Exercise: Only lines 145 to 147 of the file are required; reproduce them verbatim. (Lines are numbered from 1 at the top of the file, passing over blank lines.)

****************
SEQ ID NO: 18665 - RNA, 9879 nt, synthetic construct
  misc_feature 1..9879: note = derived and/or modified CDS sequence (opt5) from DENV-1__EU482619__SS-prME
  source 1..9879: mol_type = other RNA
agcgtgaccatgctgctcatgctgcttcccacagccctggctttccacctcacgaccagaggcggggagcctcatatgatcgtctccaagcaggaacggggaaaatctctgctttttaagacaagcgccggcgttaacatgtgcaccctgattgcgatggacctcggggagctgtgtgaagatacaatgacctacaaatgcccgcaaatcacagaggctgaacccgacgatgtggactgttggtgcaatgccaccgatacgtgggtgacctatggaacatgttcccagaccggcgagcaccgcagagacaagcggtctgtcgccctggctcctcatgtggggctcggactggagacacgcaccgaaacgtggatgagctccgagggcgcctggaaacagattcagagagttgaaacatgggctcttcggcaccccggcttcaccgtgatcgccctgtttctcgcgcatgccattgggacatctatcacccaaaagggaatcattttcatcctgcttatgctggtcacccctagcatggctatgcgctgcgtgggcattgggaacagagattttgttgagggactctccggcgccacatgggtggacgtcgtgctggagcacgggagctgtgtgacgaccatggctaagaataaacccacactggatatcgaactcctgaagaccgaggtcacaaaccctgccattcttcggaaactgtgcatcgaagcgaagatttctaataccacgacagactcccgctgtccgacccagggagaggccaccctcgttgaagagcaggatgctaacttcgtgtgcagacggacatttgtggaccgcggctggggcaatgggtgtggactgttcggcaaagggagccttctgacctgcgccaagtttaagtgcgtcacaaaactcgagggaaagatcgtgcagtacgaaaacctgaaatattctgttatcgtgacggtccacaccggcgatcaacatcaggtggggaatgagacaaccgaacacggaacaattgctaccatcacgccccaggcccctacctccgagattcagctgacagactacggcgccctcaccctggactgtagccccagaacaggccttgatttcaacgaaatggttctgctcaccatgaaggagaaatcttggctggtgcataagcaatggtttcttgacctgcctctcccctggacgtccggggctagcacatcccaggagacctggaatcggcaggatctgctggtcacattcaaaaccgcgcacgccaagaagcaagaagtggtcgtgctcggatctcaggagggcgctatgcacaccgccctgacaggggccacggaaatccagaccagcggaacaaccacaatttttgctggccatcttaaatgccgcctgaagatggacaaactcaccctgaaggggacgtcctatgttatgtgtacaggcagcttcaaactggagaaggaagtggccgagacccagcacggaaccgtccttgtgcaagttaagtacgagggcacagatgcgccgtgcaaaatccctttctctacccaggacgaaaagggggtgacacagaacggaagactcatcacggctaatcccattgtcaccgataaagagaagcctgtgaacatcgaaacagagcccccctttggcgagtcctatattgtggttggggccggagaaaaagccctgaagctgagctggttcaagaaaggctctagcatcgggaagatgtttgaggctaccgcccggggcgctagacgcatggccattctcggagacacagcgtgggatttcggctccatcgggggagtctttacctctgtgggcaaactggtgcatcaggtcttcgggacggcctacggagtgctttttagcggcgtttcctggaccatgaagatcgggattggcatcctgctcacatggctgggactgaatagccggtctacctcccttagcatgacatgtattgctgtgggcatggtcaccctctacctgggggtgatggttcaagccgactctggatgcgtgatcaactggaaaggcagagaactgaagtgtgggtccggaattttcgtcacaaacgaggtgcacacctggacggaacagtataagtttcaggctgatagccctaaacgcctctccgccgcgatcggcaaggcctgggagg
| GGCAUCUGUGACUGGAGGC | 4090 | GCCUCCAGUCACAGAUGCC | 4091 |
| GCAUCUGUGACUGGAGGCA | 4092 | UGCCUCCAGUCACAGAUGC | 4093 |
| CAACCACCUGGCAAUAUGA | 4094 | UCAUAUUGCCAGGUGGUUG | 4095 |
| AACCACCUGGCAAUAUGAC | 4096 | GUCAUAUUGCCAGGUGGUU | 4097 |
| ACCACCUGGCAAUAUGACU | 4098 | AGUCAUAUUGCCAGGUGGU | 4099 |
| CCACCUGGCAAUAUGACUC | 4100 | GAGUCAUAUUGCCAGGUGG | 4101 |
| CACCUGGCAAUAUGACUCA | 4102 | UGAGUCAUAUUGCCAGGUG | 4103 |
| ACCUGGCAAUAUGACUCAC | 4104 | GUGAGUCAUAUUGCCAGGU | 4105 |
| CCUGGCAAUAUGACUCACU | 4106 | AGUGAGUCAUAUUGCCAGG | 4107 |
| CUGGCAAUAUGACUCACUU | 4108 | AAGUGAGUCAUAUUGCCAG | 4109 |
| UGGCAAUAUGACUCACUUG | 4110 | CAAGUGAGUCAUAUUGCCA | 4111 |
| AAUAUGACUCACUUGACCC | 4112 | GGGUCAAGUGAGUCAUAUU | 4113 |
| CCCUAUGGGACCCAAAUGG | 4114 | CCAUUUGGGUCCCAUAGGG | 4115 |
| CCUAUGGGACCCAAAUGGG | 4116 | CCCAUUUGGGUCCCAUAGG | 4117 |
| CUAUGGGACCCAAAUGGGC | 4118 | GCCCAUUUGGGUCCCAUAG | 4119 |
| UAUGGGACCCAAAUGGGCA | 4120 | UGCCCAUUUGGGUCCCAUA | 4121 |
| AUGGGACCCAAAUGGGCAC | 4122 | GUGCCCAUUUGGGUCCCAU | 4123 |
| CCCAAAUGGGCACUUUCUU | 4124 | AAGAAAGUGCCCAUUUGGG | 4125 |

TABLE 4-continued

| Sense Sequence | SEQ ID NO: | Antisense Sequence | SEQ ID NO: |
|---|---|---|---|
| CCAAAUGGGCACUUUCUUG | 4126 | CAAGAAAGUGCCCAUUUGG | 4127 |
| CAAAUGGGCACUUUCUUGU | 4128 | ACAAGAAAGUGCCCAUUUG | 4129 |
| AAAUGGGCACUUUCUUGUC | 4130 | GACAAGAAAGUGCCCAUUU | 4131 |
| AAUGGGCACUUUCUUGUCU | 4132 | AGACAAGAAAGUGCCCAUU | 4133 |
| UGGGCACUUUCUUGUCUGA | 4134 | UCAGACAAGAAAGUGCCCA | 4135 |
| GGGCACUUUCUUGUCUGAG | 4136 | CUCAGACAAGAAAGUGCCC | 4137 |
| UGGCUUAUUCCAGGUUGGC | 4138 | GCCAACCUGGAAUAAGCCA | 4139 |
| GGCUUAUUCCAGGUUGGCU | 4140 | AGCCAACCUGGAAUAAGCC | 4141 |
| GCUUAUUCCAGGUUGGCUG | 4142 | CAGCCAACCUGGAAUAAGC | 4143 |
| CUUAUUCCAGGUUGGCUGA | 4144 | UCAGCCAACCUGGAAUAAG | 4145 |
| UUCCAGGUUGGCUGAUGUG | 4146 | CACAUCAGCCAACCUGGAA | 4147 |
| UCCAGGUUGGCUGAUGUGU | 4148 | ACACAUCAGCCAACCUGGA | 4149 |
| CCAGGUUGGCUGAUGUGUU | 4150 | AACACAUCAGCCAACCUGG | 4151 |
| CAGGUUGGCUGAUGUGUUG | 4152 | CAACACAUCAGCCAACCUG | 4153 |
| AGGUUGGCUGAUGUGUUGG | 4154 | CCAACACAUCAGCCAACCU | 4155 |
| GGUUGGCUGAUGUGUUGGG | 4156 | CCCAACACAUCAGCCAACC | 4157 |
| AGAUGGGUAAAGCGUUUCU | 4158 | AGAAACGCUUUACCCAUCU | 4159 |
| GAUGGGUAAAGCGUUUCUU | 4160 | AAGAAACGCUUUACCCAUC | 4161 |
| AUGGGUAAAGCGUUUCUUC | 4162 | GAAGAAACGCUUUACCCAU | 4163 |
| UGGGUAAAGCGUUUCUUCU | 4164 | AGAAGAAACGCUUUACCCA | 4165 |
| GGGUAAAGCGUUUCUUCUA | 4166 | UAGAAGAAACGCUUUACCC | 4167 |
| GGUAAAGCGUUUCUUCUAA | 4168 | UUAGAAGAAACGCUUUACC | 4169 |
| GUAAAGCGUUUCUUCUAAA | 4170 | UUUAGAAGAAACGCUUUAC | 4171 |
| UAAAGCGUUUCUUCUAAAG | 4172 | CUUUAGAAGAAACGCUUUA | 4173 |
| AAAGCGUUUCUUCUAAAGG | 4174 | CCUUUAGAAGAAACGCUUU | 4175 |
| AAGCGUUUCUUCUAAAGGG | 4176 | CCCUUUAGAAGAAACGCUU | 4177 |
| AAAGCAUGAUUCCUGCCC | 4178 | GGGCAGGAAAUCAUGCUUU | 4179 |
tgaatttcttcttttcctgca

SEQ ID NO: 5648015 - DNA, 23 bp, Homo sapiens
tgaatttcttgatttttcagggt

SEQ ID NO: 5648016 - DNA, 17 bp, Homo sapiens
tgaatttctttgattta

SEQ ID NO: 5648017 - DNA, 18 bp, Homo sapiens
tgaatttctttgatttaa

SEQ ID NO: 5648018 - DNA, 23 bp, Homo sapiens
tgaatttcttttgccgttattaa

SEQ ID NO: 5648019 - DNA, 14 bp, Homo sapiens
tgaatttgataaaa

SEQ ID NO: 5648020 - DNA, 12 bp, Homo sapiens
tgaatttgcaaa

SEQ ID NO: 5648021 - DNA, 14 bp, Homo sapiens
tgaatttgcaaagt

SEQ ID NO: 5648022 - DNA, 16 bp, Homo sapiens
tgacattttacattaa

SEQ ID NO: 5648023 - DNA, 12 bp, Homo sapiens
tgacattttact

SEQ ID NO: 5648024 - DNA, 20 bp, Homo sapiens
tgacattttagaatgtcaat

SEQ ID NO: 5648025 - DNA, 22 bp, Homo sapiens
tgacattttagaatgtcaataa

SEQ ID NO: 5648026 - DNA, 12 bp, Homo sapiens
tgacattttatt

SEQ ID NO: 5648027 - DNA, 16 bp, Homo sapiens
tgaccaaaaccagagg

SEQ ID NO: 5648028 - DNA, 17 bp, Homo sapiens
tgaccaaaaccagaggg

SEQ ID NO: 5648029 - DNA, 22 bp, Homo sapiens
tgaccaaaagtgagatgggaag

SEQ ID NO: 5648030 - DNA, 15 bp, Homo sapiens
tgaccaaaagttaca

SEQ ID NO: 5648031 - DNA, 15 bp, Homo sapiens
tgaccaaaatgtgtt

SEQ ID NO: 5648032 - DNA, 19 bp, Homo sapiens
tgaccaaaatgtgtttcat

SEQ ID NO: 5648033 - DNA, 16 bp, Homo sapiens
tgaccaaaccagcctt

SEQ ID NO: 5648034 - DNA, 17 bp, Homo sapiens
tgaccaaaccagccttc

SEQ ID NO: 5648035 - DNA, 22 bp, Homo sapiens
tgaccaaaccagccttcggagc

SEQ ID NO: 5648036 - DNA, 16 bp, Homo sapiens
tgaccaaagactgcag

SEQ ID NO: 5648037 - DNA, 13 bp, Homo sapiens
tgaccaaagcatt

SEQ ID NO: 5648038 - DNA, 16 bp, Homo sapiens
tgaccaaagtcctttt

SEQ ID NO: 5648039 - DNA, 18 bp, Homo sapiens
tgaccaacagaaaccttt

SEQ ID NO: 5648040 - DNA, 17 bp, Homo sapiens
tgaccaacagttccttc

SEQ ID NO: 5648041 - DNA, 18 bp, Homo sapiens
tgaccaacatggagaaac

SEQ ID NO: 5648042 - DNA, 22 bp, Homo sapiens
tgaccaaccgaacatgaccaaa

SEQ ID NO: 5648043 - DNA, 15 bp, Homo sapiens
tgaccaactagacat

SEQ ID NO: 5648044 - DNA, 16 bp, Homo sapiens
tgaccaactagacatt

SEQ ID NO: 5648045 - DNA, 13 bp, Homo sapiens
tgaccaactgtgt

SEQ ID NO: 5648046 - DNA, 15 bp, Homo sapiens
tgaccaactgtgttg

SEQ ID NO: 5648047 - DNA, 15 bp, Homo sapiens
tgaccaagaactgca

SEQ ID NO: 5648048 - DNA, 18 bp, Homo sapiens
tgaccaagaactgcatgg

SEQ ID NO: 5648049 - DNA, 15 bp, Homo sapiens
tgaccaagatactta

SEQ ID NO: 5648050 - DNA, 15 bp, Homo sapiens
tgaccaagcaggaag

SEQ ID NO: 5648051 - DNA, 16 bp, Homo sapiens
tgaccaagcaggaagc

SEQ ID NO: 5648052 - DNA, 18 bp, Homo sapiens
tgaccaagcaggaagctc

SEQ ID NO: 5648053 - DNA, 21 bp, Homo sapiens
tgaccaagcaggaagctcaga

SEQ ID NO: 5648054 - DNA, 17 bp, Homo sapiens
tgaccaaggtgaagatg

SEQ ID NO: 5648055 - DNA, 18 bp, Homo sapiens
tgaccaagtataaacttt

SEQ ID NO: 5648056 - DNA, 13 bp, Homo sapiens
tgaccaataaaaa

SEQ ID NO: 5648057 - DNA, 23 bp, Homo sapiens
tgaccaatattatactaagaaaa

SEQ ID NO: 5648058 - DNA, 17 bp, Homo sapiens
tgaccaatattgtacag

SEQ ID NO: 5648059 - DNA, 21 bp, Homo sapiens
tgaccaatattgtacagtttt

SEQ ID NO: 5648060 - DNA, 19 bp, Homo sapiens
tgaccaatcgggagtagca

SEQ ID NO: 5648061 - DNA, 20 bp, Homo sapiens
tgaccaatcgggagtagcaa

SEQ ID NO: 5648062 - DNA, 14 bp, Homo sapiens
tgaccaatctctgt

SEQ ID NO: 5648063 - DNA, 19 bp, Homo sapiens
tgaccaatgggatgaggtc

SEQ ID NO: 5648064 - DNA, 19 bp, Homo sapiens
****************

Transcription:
tgaccaatcgggagtagca

SEQ ID NO: 5648061 - DNA, 20 bp, Homo sapiens
tgaccaatcgggagtagcaa